Frame by Frame

By: Edrie
February 3, 2010

If you build it (to look real) they will come, seems to be the mantra of current big budget animation. Think blow-out live action mixed with fantastical worlds like Avatar and the upcoming Alice in Wonderland. Though I’m as fond of nearly naked blue ladies and rabbits with pocket watches as the next gal, this Alice is still in favor of animation that makes more than a visual point.

Caroline Leaf, Sand, or Peter and the Wolf, 1969
Caroline Leaf, Sand, or Peter and the Wolf, 1969

The exhibition Frame by Frame: Animated at Harvard, highlights pieces of Harvard’s long history with animation through rarely seen films retrieved from the Harvard Film Archive, and samplings of current and former student works, as well as works by world-renowned faculty.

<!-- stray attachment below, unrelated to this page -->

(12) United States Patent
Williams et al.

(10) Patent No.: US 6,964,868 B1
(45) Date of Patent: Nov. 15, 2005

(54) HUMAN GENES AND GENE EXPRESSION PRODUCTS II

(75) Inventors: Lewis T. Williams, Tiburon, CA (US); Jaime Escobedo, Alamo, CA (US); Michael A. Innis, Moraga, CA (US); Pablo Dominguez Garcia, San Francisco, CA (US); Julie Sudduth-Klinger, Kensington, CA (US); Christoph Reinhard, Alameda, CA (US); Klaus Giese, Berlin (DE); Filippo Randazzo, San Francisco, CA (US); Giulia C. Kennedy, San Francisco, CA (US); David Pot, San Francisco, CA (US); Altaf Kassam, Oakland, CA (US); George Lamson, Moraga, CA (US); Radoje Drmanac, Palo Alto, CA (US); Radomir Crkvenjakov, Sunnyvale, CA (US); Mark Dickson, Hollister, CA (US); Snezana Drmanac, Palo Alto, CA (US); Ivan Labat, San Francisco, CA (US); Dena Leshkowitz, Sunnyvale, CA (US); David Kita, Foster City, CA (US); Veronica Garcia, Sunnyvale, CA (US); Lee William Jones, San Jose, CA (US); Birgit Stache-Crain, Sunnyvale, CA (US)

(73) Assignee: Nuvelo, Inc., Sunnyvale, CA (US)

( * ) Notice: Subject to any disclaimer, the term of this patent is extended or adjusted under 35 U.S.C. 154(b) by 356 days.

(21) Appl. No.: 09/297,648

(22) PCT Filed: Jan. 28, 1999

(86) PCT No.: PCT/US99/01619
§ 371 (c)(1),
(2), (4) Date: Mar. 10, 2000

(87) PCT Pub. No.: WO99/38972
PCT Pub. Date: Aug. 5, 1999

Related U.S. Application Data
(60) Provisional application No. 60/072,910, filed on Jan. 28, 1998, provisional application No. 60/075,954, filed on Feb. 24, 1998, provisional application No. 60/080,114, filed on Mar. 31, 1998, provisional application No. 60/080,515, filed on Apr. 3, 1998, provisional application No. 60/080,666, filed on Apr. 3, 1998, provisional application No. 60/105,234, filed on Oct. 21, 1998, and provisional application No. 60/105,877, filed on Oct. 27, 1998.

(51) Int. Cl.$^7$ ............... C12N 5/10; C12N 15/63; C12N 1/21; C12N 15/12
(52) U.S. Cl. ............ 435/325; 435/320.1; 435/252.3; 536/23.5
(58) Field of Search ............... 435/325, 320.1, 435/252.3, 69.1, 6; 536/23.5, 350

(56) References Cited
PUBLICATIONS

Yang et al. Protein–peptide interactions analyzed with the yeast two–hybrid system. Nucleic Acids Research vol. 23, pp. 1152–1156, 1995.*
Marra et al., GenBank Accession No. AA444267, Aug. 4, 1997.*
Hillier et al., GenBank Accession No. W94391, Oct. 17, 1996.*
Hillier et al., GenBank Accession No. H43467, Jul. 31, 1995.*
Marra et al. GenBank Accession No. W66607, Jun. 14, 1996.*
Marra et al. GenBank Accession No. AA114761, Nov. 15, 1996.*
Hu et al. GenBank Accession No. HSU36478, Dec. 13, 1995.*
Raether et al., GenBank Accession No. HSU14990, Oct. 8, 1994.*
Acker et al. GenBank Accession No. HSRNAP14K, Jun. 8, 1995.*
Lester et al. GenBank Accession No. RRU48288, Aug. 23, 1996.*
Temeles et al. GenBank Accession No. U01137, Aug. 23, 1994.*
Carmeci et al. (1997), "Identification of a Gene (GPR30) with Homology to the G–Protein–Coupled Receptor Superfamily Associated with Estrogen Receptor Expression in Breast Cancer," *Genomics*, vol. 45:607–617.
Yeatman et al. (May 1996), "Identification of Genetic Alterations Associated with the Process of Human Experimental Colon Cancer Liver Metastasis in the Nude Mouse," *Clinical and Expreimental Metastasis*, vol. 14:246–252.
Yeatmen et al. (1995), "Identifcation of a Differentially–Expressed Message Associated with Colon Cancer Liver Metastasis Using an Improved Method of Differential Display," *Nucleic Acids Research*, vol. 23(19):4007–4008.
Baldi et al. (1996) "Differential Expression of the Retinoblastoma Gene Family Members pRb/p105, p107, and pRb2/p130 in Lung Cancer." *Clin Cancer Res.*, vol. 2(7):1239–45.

Asparagus (1979) by Suzan Pitt explores visual metaphor though a quixotic point of view. The lavish nature of its depth and vision focuses the viewer in on the poetry of animation.

Three Beauties (2009) by Tiffanie Hsu is, perhaps, the antithesis of the 3D craze.

Its beauty lies in visual simplicity combined with a strong story.

If you’d like to spend a few hours immersing yourself in many worlds sans 3D-glasses, the exhibition: Frame by Frame: Animated at Harvard runs through February 14th and is co-curated by Ruth Lingford and Terah Maher. Exhibition design by Terah Maher. Reception Thursday, February 4, 5:30-6:30 pm.


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